As their deadline approaches, policymakers are figuring out how to implement state-mandated community solar programs across Oregon.
But the challenge lies in connecting low-income ratepayers with solar power without raiding already starved energy assistance programs for the poor.
In 2016, lawmakers in Salem passed the energy-overhaul bill SB 1547. It requires Oregon phase out coal by 2035, and that 50 percent of energy used by Oregonians come from renewable resources by 2040. Currently, the state is about 15 percent renewable energy usage. (That does not include hydroelectric power, some of which fails to meet certain renewable standards.)
The bill also mandates the Oregon Public Utility Commission, the state agency responsible for regulating utility customer rates and services, to write and adopt rules for a community solar program by July 1. The idea is that such a program will help the state boost its use of solar power, which at last estimate two years ago, accounted for less than 1 percent of total energy sources in Oregon, according to the state’s Department of Energy.
The Public Utility Commission is still in the information-gathering phase of designing a community solar program, and it’s not yet clear exactly what it will look like, but it is expected to resemble other models, such as those in Colorado, Washington and Minnesota.
Generally, ratepayers on a power grid are invited to partially own or lease a solar power project. The solar panels could be placed on the property of one of the participants, incorporated into a new development, or even located on a property that isn’t affiliated with the project, such as on the roof of a big-box store.
That solar energy goes directly into the power grid, and then the utility company pays the ratepayers who funded the project for the use of the power it generated in the form of a credit on their electricity bill.
That size of the credit would depend on the amount of electricity generated and by the size of their contribution to the project, which can come in the form of an up-front investment or monthly payment, depending on how the commission decides to design the program.
Community solar is a viable option for people who want to expand solar infrastructure in their community, but who rent or live somewhere that isn’t ideal for solar panels, such as in a condo or beneath thick shade trees.
While solar power has a long-held reputation as being out of reach for lower-income ratepayers, Oregon lawmakers included in the bill a provision that requires 10 percent of the energy output to benefit those who cannot afford the start-up investment.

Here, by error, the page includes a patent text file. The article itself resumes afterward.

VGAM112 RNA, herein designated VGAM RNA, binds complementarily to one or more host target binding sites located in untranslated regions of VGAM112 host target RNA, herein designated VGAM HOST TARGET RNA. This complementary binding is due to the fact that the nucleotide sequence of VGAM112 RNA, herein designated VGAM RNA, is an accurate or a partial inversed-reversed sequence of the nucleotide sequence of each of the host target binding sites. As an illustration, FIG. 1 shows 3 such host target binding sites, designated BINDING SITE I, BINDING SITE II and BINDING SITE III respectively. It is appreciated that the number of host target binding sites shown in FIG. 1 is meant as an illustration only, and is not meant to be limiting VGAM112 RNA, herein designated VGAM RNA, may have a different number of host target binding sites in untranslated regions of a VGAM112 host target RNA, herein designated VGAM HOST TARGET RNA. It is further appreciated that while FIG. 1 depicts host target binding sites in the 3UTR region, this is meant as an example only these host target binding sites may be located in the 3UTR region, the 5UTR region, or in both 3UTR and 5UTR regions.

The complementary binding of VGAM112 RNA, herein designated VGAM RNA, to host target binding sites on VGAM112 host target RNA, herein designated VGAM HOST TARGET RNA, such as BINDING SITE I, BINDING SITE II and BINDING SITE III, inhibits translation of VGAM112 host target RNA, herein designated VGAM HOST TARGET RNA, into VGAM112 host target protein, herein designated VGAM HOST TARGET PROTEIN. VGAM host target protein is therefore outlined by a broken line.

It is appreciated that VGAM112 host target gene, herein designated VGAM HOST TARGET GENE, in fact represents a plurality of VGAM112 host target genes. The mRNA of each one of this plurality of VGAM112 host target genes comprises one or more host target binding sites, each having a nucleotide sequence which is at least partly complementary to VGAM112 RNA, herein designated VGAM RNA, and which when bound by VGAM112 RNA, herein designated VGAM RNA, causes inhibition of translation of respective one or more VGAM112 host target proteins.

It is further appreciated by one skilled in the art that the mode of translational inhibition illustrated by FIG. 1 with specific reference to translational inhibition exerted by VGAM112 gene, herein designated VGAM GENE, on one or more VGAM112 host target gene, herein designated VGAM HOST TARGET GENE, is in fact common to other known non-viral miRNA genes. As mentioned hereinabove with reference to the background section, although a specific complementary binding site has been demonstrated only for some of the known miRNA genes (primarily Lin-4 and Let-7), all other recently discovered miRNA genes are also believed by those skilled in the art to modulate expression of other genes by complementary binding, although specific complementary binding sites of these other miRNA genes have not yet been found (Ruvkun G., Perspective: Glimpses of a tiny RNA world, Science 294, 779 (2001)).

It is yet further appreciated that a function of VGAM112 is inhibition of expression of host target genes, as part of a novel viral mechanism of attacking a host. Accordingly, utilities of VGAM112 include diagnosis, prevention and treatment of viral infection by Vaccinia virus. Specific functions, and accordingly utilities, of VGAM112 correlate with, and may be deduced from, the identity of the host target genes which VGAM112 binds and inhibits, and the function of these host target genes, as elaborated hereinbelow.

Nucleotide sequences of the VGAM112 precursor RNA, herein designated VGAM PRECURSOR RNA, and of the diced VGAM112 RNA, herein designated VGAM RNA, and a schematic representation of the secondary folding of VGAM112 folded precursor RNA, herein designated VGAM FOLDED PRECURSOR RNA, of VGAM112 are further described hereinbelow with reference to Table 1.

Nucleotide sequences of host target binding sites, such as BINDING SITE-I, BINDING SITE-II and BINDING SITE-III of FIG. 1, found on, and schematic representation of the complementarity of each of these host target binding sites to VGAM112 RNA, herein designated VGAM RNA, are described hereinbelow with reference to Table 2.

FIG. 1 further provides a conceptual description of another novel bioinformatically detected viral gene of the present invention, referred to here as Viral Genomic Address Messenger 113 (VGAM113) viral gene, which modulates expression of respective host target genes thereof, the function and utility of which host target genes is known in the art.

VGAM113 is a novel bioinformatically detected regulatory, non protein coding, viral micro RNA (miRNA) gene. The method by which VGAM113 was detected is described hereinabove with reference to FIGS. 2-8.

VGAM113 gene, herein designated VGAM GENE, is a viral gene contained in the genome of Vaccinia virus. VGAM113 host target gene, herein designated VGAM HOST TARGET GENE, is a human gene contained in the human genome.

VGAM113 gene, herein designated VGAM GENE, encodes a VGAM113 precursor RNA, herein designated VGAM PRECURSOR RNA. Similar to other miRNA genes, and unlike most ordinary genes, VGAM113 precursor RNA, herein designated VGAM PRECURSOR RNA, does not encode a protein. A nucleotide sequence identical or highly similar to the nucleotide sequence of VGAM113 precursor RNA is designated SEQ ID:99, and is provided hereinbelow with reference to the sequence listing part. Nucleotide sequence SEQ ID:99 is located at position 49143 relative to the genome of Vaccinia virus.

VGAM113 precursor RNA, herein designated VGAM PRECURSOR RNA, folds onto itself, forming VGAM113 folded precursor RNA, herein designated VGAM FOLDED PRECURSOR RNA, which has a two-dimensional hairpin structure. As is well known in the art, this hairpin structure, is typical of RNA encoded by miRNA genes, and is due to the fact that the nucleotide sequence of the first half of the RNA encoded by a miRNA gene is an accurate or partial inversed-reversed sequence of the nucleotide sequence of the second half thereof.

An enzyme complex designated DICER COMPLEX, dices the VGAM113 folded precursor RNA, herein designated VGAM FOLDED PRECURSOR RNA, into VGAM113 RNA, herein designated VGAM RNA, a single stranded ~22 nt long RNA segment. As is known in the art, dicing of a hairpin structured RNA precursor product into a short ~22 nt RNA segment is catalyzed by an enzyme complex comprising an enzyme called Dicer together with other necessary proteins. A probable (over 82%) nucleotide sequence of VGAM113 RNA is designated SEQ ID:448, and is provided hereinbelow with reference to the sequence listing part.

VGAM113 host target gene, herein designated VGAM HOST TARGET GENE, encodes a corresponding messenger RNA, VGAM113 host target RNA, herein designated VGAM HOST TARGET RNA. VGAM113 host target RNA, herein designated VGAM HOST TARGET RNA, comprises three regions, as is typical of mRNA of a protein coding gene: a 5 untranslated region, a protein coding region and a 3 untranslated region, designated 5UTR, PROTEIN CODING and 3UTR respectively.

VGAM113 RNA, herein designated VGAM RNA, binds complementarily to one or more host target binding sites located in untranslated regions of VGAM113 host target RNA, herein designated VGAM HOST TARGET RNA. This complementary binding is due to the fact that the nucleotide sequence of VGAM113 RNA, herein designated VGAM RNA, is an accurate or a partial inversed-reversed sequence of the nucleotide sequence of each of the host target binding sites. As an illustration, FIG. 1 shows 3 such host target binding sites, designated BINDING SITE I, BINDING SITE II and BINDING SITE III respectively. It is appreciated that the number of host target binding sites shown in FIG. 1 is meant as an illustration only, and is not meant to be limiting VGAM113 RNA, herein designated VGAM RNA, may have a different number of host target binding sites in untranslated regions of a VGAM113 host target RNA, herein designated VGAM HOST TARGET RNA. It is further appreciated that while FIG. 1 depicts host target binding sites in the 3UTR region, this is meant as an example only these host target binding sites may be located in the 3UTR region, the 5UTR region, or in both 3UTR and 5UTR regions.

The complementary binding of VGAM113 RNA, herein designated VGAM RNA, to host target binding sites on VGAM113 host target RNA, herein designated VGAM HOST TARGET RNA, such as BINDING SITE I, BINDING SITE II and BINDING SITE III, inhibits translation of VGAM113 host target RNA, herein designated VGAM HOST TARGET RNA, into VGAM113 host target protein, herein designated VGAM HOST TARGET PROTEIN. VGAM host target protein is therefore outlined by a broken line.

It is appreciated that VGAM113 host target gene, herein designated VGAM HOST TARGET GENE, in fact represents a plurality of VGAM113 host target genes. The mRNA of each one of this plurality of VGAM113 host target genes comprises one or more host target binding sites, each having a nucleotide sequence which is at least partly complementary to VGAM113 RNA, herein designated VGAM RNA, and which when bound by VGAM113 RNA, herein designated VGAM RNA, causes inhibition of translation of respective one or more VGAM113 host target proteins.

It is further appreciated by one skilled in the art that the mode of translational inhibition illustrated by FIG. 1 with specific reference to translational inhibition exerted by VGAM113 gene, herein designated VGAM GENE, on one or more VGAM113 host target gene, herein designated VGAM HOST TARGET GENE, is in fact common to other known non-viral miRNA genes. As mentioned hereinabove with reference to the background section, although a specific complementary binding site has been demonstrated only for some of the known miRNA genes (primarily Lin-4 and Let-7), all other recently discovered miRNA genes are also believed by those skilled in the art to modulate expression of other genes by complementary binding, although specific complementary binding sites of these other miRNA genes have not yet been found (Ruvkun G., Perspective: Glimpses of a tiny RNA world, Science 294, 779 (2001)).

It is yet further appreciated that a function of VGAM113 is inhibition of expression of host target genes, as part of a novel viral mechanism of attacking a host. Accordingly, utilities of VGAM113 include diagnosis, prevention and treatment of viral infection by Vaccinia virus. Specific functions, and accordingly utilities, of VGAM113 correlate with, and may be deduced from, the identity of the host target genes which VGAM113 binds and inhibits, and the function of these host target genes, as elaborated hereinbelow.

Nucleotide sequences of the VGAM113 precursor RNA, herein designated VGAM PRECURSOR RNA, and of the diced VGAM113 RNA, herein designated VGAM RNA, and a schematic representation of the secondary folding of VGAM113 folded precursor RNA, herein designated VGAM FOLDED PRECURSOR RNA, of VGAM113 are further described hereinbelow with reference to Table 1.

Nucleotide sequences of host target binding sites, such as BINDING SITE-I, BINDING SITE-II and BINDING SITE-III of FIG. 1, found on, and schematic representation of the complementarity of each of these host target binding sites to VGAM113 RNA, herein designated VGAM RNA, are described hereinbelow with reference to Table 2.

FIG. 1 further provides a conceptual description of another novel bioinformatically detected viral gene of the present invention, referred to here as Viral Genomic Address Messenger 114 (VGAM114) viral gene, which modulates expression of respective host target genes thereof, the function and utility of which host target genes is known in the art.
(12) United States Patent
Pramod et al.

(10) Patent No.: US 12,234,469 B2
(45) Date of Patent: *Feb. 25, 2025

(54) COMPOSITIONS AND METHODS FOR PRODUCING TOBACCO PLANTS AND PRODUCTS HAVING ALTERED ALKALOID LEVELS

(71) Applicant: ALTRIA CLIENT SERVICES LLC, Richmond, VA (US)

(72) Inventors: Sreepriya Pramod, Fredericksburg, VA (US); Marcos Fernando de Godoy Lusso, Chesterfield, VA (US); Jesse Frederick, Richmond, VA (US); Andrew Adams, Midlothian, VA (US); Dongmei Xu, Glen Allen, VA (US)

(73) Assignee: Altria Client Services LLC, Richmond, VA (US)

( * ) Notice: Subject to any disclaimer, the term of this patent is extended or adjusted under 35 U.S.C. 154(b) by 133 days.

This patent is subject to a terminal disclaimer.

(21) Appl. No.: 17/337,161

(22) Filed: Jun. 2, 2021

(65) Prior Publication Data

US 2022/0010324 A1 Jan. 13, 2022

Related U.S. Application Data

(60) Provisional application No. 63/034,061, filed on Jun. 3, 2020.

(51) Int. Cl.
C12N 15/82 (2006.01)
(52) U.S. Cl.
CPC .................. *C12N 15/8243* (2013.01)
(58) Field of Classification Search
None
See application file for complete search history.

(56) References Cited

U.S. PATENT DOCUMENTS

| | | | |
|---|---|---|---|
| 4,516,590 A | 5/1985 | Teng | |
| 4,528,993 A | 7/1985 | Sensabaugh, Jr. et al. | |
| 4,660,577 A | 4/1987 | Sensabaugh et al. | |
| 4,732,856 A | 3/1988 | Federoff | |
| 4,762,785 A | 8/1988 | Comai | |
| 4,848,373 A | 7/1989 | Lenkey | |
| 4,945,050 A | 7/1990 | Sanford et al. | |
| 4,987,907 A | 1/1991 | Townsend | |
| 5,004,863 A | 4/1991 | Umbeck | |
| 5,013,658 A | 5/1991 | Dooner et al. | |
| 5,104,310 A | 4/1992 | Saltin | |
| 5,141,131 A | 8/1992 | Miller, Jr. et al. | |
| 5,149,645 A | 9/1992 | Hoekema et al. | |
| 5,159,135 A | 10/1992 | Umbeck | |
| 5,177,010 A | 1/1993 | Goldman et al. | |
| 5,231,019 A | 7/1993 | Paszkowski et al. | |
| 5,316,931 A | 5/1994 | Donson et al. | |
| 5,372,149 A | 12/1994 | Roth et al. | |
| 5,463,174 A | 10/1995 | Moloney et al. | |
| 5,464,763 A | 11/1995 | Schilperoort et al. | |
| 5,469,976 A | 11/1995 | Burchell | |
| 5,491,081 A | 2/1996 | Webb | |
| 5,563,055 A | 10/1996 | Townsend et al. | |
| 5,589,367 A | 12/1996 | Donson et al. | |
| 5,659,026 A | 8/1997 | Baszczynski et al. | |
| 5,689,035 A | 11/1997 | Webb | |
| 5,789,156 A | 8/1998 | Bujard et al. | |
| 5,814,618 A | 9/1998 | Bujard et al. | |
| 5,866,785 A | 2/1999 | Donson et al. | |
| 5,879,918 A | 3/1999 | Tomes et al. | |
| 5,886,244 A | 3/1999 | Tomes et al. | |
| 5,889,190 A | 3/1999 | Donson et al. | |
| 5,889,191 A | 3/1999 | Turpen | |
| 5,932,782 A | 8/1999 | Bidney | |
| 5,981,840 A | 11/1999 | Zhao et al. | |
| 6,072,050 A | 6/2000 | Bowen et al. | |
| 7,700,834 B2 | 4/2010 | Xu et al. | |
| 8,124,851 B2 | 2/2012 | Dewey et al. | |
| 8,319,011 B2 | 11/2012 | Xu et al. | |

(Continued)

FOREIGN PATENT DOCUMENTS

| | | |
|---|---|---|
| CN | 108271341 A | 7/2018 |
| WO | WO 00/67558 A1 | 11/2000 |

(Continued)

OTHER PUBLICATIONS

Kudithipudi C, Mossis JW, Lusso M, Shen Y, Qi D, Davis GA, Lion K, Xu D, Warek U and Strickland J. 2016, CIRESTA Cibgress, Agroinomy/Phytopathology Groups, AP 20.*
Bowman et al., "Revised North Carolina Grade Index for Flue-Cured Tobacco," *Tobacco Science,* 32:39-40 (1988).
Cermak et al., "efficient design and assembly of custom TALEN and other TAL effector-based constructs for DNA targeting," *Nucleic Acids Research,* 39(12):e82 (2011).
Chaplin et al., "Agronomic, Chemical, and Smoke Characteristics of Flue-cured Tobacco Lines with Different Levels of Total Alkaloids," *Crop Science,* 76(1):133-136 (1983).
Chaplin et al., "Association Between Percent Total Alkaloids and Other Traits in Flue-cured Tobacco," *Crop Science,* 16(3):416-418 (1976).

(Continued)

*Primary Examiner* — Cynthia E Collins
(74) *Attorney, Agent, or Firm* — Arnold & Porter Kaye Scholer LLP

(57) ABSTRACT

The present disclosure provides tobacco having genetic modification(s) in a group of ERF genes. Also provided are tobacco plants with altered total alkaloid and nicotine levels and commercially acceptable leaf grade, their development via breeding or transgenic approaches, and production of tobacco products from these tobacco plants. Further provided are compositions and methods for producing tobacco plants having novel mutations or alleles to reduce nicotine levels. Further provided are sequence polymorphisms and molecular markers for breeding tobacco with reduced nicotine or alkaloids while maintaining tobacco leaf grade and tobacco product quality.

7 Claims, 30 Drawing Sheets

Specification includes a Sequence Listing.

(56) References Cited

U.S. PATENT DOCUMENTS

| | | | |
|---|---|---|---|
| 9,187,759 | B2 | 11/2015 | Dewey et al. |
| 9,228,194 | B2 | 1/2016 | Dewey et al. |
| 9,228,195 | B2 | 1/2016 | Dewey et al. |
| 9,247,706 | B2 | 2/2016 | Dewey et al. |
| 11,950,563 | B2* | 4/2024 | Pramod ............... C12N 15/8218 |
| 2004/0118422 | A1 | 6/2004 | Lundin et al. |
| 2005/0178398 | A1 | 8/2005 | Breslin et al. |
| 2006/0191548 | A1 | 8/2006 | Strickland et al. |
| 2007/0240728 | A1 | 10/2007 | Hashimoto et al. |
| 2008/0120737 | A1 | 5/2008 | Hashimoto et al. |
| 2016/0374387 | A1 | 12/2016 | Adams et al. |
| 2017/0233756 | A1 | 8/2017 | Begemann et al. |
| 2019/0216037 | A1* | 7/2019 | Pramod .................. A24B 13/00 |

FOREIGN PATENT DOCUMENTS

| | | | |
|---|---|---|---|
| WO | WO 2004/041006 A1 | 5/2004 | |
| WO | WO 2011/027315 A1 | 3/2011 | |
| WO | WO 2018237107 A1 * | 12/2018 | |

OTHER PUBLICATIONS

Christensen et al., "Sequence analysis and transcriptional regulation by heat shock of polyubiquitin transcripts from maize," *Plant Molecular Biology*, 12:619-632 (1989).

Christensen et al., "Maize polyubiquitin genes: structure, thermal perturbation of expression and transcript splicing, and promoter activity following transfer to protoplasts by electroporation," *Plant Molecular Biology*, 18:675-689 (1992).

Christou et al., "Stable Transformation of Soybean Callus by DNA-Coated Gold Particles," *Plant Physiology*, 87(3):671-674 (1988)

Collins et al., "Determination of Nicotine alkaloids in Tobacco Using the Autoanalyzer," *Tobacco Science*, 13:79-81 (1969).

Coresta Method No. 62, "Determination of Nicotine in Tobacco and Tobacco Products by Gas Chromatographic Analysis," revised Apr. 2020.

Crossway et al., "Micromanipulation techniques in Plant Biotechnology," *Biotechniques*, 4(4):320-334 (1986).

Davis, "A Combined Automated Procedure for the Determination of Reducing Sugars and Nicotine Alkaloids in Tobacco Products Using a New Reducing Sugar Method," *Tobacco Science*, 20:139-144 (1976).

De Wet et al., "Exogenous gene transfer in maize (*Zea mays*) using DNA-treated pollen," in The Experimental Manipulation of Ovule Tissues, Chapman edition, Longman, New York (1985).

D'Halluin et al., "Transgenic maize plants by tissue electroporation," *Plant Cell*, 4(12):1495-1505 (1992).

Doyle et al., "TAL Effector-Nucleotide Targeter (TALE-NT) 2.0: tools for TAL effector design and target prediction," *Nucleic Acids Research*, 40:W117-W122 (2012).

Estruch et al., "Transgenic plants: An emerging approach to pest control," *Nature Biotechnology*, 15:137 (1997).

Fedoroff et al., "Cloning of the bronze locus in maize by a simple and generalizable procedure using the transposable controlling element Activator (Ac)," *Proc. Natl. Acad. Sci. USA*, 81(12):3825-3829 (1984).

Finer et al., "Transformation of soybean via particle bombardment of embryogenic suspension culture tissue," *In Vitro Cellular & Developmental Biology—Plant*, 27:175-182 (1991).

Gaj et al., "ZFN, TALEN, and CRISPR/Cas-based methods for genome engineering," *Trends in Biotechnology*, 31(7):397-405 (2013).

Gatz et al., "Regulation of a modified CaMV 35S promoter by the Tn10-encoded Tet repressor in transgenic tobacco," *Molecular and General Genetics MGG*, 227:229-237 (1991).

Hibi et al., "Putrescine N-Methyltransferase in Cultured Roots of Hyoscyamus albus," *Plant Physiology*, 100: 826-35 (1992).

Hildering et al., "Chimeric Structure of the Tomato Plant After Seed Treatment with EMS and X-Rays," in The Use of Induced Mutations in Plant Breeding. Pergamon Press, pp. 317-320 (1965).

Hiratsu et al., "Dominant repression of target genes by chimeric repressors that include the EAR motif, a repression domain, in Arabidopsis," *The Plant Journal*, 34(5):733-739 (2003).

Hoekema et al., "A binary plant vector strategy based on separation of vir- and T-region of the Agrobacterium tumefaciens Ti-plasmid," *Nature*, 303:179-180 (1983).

But what exactly that means and how to meet that requirement is up for debate.
The Public Utility Commission has held a series of workshops bringing together stakeholders including utility companies, developers and energy experts to discuss what the program should look like.
At the last workshop in this phase of planning, hosted by Portland General Electric on Feb. 14, the commission sought feedback from stakeholders on how to meet the low-income requirement.
It became clear during the workshop that this unfunded mandate poses serious challenges, and if it isn’t funded correctly, it could potentially cause more harm than good for low-income ratepayers.
One option for funding the bill credit is to reallocate existing state and federal funds that support energy assistance and weatherization programs across the state. Doing so, however, could mean kicking thousands of households off of energy assistance programs, and there is no guarantee the bill credit would be substantial.
For those who cannot afford to pay their electricity bill, there are federal and state-funded energy-assistance programs that help low-income ratepayers avoid getting their power shut off that could be used to fund the solar credit.
Because this winter has been unusually cold, “an unprecedented number of people are asking for help,” Margot Bryant told stakeholders at the workshop. She manages social equity policy at Portland General Electric, and said 49 percent of the customers receiving assistance on their electric bills through PGE are elderly.
Dan Elliot, a policy analyst for Oregon Housing and Community Services, said the state has two energy assistance funding options: the Low Income Home Energy Assistance Program (LIHEAP), funded with $35 million from the federal government annually, and Oregon Energy Assistance Program (OEAP). State funded at $20 million a year, OEAP offers more flexibility than the federal program. There are also a host of funds used for home weatherization.
Not only is the state facing across-the-board cuts of 10 percent with a looming $1.8 billion state budget deficit and uncertainty about future federal funding, but demand from new assistance recipients is also up statewide.
During this past fiscal year, OEAP prevented more than 47,000 energy disconnections, with 34 percent of the people asking for assistance being first-time energy subsidy recipients. That is up from just 12 percent the year before.
Elliot said he agrees with Bryant that programs are “over-subscribed with need, under-subscribed with funding.”